Home What happens when new listener is attached when an event is pending?
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What happens when new listener is attached when an event is pending?

prmph
1#
prmph Published in 2018-02-14 18:56:03Z

Say I have a web worker _worker, and I attach a listener to it like so:

_worker.addEventListener('message', (event) => {
    window["test"] = event.data||"foo"
});

Let's say I later conditionally attach another listener inside a promise like so:

if (window["test"] === undefined) {
    _worker.addEventListener('message', (event) => {
        window["test"] = event.data || "foo";
        resolve(window["test"])
    });
}
else {
    resolve (window["test"]);
}

Basically the first listener's job is to set window["test"] to the event data. The promise generator checks to see if window["test"] is already set by the first listener; if not, we attach another listener to resolve the promise when the worker message event is fired.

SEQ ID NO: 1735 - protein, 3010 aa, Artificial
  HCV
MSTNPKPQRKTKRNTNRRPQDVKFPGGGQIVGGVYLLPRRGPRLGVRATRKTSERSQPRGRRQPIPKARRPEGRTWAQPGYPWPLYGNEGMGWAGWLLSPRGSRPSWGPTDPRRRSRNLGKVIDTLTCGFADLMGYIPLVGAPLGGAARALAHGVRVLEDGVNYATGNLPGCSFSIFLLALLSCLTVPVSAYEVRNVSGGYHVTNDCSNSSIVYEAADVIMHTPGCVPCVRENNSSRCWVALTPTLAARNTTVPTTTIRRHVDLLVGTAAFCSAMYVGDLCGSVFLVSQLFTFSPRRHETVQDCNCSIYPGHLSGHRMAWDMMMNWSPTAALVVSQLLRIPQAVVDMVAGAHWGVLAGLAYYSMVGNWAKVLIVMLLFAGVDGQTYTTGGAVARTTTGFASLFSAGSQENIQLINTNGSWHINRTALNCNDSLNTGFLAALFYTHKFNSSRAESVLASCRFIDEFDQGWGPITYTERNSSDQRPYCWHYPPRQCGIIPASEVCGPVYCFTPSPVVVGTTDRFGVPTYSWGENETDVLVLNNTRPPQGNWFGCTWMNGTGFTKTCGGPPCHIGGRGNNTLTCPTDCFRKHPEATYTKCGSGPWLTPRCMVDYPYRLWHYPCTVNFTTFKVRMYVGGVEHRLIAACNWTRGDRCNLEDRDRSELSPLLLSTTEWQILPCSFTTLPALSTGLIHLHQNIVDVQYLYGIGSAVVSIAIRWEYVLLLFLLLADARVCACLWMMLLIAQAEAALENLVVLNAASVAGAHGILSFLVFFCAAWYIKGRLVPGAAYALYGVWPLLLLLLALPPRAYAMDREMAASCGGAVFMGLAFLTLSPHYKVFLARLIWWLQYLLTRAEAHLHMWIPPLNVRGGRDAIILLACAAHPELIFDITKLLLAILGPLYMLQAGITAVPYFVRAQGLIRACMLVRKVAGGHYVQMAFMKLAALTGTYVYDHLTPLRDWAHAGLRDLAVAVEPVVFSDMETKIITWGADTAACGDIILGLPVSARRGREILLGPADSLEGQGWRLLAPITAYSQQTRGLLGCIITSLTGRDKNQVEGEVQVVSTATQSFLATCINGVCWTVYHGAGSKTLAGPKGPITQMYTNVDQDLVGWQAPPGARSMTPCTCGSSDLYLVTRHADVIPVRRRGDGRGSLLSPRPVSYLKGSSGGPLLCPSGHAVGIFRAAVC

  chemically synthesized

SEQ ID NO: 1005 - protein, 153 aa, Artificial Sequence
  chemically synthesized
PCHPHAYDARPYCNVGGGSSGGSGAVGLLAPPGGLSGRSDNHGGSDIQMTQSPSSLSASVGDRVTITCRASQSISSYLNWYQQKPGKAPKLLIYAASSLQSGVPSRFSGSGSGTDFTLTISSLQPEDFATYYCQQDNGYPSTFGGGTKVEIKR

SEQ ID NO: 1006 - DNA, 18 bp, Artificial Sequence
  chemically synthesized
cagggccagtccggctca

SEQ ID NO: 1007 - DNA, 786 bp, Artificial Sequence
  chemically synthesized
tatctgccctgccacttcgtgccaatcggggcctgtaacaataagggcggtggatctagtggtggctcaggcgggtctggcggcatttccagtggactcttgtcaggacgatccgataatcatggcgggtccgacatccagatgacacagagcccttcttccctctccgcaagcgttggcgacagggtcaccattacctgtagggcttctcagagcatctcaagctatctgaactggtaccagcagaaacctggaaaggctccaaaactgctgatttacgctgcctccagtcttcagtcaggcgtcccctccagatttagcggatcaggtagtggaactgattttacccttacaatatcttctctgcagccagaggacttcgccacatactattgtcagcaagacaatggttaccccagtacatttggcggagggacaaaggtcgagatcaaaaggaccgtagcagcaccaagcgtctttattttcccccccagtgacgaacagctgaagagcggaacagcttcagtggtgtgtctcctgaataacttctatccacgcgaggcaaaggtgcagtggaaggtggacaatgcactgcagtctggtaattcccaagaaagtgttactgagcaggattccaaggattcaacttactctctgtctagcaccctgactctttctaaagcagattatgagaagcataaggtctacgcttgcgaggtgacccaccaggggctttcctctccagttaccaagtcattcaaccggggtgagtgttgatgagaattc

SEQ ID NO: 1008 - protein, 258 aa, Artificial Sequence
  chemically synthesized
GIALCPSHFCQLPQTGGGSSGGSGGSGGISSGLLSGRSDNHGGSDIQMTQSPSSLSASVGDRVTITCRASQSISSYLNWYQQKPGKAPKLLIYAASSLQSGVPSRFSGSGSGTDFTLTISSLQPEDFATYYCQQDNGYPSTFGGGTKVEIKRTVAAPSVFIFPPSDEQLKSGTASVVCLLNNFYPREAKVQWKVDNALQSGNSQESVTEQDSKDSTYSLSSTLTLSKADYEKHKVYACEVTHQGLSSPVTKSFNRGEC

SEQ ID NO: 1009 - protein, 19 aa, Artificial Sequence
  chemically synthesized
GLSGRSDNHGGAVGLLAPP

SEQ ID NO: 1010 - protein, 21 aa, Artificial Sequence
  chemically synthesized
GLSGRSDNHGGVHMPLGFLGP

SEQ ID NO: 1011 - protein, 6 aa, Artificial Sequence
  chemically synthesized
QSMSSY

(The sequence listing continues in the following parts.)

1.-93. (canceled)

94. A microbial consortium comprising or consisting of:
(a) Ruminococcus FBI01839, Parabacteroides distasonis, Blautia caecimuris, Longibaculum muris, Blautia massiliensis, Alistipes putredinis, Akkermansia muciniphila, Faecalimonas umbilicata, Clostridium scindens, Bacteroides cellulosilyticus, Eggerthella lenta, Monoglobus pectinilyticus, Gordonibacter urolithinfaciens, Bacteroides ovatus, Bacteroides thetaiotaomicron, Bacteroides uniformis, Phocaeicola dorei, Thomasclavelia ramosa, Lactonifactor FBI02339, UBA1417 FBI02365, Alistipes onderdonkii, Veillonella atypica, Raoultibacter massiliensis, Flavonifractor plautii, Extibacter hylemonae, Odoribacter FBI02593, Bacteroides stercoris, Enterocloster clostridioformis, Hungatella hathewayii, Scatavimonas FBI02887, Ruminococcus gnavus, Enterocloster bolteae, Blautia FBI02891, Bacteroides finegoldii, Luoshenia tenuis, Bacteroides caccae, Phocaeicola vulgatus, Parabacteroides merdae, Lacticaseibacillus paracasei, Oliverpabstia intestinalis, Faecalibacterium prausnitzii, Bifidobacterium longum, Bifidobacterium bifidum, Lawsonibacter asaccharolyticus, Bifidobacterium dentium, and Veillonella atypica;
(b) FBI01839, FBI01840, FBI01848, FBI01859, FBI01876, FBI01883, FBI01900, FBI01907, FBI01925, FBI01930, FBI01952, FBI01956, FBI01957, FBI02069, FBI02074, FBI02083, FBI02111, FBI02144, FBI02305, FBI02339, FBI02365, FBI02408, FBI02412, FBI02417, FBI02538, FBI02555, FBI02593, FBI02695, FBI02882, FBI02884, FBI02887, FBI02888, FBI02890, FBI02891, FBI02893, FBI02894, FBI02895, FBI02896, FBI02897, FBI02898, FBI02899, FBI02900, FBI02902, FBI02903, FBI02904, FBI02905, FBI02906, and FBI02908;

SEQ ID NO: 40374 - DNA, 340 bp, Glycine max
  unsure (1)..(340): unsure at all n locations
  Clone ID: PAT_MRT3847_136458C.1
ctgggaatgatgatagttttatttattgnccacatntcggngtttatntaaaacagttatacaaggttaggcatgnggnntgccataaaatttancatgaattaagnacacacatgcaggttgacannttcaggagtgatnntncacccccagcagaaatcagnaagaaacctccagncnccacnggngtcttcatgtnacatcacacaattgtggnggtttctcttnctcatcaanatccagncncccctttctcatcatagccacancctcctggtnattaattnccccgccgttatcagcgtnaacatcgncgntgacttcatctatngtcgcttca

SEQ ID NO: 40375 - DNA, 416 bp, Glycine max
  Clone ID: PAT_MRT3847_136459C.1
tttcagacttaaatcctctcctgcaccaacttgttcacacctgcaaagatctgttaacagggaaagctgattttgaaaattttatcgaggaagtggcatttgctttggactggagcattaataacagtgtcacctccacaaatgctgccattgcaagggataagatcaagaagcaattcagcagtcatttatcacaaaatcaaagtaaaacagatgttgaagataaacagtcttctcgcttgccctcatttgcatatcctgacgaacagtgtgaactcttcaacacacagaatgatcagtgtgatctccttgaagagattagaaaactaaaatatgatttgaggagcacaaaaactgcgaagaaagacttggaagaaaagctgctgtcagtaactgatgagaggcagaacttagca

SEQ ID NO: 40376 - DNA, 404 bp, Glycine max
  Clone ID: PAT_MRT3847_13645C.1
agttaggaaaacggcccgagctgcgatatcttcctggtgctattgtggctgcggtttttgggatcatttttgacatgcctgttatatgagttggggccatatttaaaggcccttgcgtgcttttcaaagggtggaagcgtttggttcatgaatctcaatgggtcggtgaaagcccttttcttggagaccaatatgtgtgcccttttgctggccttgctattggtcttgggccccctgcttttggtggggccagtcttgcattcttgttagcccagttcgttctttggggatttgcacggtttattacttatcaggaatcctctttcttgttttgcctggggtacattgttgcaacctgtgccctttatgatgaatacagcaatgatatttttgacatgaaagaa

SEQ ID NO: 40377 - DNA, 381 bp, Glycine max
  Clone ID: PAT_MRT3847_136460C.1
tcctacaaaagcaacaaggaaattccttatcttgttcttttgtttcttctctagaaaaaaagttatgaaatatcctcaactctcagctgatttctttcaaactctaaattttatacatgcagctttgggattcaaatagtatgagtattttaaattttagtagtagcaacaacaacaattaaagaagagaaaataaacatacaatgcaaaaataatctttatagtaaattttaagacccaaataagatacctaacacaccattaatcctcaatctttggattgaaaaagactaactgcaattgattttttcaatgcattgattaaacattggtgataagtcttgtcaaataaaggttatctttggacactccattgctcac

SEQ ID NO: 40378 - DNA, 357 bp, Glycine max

But what if, as we are attaching the second listener, the worker has already fired a message event, and the event loop is waiting to fire the first listener? Will the second listener be included in the list of listeners to be notified of the event?

Bergi
2#
Bergi Reply to 2018-02-14 19:16:41Z

As we are attaching the second listener, the worker has already fired a message event, and the event loop is waiting to fire the first listener

Yes, the second listener will be included in the list of listeners to be notified of the event here. If the event loop is still waiting to call the listeners, the event has not yet really occurred in the main process, even when the worker has already triggered it and it is waiting in the queue.

The edge case where you could indeed miss the event was if the promise was created during the execution of a message listener that runs before the one that creates window.test, i.e. when you have multiple callbacks listening to the same event. Therefore it's always better to install listeners immediately, especially when you are going to make a promise for it anyway. You can create the promise right away:

window.test = new Promise(resolve => {
    _worker.addEventListener('message', (event) => {
         resolve(event.data || "foo");
    });
});

Then use the promise everywhere (as many times as necessary). No need to store-and-cache the data value yourself when promises already do that for you.

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